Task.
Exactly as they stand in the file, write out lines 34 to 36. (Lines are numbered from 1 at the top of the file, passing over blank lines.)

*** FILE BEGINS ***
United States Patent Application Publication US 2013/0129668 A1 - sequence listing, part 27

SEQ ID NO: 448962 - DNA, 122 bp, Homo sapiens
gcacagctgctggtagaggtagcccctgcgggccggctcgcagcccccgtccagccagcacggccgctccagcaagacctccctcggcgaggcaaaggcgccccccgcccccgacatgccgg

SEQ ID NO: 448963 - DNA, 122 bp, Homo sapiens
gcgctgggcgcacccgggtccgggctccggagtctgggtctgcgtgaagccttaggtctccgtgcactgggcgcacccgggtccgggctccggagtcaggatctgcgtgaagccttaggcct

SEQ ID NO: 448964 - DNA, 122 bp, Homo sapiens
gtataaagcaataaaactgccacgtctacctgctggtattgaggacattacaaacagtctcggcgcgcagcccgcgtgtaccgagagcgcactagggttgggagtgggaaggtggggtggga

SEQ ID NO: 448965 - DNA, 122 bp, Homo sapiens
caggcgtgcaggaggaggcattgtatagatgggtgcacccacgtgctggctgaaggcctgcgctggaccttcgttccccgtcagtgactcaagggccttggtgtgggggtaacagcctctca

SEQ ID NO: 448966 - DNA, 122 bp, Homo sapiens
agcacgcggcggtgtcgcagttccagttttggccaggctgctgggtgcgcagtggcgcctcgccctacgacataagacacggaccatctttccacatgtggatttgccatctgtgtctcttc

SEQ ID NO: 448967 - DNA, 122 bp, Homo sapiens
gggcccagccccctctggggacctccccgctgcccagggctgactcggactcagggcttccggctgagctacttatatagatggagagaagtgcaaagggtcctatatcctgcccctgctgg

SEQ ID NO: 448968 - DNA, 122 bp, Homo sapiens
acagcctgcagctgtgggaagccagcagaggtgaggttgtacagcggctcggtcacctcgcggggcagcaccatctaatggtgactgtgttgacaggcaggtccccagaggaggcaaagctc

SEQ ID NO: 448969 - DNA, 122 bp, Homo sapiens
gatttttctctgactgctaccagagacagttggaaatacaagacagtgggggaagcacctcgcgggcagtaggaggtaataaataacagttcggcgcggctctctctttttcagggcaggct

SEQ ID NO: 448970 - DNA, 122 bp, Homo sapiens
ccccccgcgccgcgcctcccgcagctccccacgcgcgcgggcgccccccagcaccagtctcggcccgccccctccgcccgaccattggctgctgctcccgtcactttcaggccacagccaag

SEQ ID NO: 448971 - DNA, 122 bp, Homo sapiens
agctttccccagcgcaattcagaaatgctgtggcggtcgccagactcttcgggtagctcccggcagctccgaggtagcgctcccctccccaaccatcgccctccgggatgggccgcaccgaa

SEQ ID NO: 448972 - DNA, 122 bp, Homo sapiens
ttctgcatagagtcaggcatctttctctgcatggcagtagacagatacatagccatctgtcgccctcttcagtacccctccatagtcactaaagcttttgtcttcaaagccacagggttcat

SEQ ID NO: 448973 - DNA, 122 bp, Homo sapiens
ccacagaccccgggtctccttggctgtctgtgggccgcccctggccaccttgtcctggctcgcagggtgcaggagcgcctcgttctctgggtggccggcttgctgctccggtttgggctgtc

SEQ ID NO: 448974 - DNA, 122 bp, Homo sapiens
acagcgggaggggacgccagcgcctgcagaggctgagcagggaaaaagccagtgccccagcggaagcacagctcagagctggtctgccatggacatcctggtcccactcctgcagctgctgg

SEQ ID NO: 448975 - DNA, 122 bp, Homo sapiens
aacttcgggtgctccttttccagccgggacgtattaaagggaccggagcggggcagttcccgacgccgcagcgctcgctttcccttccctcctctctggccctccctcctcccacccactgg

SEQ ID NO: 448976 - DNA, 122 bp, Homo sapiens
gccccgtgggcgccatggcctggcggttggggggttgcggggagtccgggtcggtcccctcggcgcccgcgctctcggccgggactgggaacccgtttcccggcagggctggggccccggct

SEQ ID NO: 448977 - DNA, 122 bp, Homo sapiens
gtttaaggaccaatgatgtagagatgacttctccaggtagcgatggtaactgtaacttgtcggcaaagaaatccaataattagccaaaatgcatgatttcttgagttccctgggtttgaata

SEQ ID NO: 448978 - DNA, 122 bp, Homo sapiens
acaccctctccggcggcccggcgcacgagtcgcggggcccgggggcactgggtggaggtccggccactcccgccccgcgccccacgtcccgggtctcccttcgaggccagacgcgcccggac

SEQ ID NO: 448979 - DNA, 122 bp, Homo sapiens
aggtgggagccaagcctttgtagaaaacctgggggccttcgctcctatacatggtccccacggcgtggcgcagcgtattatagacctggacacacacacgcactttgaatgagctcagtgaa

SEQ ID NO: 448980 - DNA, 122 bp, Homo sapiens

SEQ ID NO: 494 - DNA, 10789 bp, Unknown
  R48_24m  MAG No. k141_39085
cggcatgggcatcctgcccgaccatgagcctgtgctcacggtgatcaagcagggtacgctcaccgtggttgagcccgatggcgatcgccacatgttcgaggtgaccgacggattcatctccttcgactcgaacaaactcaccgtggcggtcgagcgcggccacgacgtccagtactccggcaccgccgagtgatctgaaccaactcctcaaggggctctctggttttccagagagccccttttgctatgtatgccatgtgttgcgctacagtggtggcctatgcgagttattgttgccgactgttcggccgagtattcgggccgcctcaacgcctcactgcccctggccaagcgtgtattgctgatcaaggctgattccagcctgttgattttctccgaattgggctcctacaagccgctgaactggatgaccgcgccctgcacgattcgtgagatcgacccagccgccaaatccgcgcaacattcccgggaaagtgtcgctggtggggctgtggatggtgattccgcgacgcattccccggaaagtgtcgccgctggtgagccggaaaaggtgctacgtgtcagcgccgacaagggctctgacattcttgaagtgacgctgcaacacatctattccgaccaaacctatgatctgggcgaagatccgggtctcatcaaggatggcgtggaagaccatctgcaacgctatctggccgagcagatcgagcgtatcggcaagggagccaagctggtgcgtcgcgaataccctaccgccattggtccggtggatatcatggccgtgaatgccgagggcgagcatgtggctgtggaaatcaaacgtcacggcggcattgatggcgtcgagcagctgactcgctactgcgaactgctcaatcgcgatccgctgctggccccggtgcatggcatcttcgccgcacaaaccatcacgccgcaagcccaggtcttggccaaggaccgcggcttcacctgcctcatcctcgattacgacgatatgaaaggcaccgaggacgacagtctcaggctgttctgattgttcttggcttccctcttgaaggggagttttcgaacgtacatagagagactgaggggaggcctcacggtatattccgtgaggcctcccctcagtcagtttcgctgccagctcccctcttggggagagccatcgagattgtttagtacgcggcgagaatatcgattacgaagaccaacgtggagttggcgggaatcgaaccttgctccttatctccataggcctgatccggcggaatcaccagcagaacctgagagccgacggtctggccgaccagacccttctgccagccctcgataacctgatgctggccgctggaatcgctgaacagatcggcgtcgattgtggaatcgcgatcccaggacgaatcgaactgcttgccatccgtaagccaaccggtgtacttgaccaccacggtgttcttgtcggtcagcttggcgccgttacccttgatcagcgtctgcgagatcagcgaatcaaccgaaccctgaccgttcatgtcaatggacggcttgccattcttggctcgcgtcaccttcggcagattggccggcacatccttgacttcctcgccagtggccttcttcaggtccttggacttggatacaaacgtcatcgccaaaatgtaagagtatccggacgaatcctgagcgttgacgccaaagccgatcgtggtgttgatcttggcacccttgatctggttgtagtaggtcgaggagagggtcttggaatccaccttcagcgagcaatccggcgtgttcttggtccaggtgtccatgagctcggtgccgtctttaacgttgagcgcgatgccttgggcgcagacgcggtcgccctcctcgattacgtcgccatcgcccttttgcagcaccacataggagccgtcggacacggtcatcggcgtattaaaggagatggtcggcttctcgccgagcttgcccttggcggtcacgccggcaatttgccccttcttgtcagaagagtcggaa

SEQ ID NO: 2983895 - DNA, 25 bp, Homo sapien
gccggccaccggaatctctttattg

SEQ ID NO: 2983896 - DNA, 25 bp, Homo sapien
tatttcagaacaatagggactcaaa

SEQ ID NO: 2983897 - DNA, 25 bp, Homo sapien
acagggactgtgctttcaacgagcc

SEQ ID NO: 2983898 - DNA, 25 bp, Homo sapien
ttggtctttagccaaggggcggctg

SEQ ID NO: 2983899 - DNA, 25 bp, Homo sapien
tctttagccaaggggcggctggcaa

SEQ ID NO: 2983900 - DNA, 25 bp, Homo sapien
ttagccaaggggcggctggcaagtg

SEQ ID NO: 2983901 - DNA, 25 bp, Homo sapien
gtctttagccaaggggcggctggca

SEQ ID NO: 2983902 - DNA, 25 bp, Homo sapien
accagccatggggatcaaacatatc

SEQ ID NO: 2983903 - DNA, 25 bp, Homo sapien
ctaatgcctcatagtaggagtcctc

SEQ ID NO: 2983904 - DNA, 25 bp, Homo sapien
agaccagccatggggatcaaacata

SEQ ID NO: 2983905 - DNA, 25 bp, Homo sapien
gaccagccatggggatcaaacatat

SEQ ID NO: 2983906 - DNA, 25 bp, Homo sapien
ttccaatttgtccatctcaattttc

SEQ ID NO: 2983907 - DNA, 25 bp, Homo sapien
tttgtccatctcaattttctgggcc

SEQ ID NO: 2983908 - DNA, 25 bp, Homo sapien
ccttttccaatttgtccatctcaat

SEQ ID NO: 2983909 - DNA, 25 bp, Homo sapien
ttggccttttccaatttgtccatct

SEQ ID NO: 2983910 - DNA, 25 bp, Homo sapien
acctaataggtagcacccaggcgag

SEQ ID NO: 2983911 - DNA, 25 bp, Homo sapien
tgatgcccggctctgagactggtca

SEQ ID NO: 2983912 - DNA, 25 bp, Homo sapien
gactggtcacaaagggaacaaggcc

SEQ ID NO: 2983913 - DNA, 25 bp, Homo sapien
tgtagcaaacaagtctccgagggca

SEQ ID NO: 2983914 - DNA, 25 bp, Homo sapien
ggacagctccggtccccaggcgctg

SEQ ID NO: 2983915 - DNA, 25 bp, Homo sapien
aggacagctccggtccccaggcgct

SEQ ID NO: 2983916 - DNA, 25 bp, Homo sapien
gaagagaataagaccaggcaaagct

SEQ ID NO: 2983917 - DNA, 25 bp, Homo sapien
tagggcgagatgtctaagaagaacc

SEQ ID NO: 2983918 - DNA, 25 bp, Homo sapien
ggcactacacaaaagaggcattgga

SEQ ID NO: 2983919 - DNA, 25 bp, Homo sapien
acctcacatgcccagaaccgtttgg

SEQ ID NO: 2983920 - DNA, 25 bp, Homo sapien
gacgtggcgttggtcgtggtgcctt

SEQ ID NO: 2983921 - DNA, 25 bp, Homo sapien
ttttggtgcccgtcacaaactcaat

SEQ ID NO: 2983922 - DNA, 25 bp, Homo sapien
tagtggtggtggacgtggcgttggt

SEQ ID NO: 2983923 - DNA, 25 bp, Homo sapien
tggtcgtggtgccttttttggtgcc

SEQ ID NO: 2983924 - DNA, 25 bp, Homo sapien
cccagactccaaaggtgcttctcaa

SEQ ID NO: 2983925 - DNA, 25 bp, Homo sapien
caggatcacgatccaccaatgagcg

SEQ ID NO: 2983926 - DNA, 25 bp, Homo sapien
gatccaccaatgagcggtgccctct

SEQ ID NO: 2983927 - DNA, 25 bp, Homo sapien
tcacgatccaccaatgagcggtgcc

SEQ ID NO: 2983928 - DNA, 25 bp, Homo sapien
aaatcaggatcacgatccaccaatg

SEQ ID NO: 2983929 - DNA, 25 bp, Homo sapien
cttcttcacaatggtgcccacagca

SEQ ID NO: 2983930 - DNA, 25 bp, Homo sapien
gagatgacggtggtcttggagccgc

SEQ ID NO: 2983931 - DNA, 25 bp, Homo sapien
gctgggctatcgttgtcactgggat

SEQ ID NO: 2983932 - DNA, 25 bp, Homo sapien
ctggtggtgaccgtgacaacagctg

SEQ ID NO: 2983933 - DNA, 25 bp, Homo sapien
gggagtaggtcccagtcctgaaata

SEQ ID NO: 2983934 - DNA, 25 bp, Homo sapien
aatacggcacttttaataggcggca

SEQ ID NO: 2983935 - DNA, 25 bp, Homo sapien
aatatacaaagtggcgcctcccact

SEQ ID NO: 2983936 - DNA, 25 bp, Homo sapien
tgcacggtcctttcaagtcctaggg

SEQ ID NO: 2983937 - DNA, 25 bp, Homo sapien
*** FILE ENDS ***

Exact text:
SEQ ID NO: 448978 - DNA, 122 bp, Homo sapiens
acaccctctccggcggcccggcgcacgagtcgcggggcccgggggcactgggtggaggtccggccactcccgccccgcgccccacgtcccgggtctcccttcgaggccagacgcgcccggac

SEQ ID NO: 448979 - DNA, 122 bp, Homo sapiens